In Unraveled Visions, the 2nd of my Shaman Mystery Series, a character says, “Ninety-nine percent of murders only have one of two true motives. Change, or status quo.” Is that so? The detective in the Shaman Mysteries things so; I’m still unsure; I never pretend to hold the same views as my characters.
Detective Reynard Buckley meets Sabbie Dare – my 29 year-old heroine – at the start of Book One of the series, In the Moors. Rey is investigating a child abduction and murder when he knocks on her door. Rey is the archetypal humourless, maverick policeman who quickly brands shamanic therapist Sabbie as a crank. He considers her profession ‘mumbo jumbo’, finding its lack of objective evidence perplexing. But Sabbie can’t help finding him…interesting. This makes for a relationship a bit like an upmarket cocktail – bitter, and full of ice, but with a sparkler fizzing at the edge.
Sabbie walks in the spirit world to find answers to people’s problems, and comes back with images and symbols which manifest her client’s underlying issues. Meanwhile, Rey Buckley clears up crime through old-fashioned police work and hard facts. But as they get to know each other, they understand that they have something in common. They both solve things using what Sabbie would call intuition – Rey would more likely call it ‘a hunch’.
When Rey tells Sabbie that he thinks all murders are due to one of two motives, ‘change’, or ‘status quo’, she challenges this immediately. What about money? Crimes of passion? Suicide bombers? What about madness? But Rey’s answer is unequivocal. He believes all killers crave one of two things. Either they want change – the big win, a new political situation. Or they are desperate that things should not change – they kill their lover’s spouse, or kill to stop a crime being discovered. Sane or mad, Rey concludes that the motivation which drives people to kill is not complicated at all.
Well, he would, wouldn’t he. Reynard Buckley worked his way up from the ranks and has trouble, nowadays, fitting into the ethos of the modern UK police force. Whereas Sabbie has survived an extreme childhood; she never knew her father, and when she lost her mother at six years old, she was brought up in children’s homes. She believes she’s the stronger for this background, but the truth is she learnt almost all her values from two elderly couples; her foster parents Gloria and Philip, 1st generation immigrants, and Rhiannon and Bren, two cunning folk she lodged with while she was taking her degree.
Sabbie thinks deeply. By walking into the otherworld – the spirit realm that shaman enter in a trance state – she has encountered profound philosophies of life. It has made her understand how we carry two sides to our nature. There is always a shadow side to our psyches; inside us is the possibility of hate, greed, envy – the things that lead to wrong doing, hurting others…murder.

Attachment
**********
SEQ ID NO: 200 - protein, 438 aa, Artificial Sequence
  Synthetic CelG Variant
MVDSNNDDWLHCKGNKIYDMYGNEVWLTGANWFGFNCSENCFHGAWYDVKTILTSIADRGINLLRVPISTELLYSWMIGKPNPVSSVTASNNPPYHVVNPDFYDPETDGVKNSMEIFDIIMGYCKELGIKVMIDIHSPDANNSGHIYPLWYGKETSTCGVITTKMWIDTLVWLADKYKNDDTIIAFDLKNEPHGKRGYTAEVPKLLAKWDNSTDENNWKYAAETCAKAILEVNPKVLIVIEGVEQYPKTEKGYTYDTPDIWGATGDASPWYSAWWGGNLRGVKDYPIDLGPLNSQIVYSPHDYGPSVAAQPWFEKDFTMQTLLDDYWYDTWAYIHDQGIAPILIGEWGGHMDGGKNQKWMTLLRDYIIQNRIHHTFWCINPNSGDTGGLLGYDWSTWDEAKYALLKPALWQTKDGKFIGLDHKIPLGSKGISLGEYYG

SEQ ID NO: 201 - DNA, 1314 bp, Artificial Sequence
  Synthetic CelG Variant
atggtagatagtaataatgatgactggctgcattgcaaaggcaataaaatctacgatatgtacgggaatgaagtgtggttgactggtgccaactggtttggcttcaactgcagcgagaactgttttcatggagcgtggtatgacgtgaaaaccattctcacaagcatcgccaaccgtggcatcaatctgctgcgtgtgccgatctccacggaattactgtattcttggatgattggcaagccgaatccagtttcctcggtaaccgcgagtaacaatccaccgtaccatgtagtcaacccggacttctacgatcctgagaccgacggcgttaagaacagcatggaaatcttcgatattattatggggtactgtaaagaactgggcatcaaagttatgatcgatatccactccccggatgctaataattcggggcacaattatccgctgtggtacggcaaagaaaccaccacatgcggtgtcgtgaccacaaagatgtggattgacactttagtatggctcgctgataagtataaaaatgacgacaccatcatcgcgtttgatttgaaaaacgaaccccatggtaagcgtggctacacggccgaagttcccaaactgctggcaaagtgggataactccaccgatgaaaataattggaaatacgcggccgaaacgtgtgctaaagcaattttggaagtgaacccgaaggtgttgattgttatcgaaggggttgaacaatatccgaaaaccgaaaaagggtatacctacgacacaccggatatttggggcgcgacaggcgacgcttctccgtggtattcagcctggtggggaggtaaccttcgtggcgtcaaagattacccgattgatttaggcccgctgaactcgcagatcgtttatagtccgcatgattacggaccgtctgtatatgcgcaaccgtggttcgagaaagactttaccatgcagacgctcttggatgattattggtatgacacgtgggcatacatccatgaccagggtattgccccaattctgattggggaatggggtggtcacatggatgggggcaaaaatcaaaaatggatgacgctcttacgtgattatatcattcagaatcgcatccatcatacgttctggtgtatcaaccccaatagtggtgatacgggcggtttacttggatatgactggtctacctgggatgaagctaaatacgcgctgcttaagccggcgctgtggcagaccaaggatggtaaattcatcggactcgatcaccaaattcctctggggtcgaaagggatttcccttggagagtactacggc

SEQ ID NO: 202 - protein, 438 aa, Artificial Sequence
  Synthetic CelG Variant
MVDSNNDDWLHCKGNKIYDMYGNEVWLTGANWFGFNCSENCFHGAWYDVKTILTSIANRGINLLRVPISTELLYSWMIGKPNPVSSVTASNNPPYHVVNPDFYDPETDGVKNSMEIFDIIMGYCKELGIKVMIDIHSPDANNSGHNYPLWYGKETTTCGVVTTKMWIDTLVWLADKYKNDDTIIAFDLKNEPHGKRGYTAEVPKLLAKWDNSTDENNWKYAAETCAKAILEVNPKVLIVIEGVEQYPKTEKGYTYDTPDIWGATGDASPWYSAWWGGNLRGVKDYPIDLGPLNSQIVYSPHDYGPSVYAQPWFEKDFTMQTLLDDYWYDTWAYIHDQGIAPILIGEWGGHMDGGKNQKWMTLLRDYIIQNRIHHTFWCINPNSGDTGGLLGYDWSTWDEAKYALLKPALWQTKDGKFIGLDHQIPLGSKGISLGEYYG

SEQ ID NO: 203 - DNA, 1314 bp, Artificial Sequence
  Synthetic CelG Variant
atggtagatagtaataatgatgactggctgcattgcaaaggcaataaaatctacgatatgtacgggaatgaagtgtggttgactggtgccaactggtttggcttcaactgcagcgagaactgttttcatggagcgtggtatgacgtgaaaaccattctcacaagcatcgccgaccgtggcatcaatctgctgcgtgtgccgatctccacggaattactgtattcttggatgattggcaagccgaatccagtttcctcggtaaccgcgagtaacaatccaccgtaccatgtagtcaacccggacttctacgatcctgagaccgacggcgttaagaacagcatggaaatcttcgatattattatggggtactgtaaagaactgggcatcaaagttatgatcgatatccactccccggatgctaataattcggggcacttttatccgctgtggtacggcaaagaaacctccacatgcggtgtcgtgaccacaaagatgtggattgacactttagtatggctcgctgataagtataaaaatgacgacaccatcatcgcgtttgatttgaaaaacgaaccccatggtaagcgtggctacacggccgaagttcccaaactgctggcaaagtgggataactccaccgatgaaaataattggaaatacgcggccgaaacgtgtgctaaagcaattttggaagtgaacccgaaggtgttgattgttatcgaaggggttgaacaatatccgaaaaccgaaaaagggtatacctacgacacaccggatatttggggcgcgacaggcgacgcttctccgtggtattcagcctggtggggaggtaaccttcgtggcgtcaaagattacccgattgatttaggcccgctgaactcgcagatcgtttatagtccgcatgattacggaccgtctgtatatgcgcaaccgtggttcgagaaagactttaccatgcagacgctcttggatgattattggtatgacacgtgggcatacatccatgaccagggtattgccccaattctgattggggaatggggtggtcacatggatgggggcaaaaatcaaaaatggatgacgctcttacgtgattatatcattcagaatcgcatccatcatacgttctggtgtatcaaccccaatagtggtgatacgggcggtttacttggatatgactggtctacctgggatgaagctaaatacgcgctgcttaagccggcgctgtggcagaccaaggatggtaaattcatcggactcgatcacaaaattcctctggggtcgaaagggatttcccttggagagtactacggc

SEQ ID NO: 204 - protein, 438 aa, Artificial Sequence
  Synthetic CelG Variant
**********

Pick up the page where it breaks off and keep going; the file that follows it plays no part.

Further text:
As the Trilogy of the Shaman Mysteries progress, Sabbie begins to realize that it is not entirely coincidence that she constantly encounters these shadow sides. In each novel, one of Sabbie’s clients brings her close to murder – whether from change or status quo. It’s her business, as someone who walks on both planes of existence, to help where she can, even when her own safety is threatened.
This is one of the things I love about writing crime fiction. Crime is so close to the hub of humanity. I like to examine, and describe, the affect that crime has on the people it touches; the victims, the bystanders and the perpetrators themselves. It’s easy to forget the after-effects of something as traumatic as a murder, how those left behind continue to grieve, not just for their loss, but in the not knowing how that person suffered. This is something I try to address – when I’m not terrifying my reader to pieces!
I also love to work out the mystery aspect, to puzzle the reader and spring surprises, keeping them on the edge of their seat. My readers say they stay up all night, turning the pages of the Shaman Mysteries; I stay awake at night to sort out the permutations of each murder. How did they do it? Where did they do it? What happened after they did it? And most importantly why did they do it – what brought them to that moment they kill another human being? Was it change, I ask myself? Or status quo?
Nina Milton is most well known for her crime fiction series The Shaman Mysteries Series, published by Midnight Ink Books (Llewellyn Worldwide). In the Moors and Unravelled Visions were published in 2013 and 2014 and the third in the series, Beneath the Tor is now in production. The Shaman Mysteries feature Sabbie Dare, a young British shaman of mixed race, living in Somerset. Milton, a Druid, and says of the series, Sabbbie Dare came into my head, fully formed. She said; “Every day, people on the edge walk into my therapy room with their problems. Honestly, I could write a book about some of them…” Milton has been publishing books since 1995, for children, especially 9+ readers, as well as adults. Her short stories have appeared in many literary journals and anthologies. She has an MA in Creative Writing from Bath Spa University and works for the Open College of the Arts. She was born, educated and raised her two children in the City of Bristol but now lives in west Wales with my husband James, where she grows our own veg and keep chickens. Join her on her vibrant blogbsite, KitchenTableWriters.
Find out more on Nina Milton’s CRA Profile.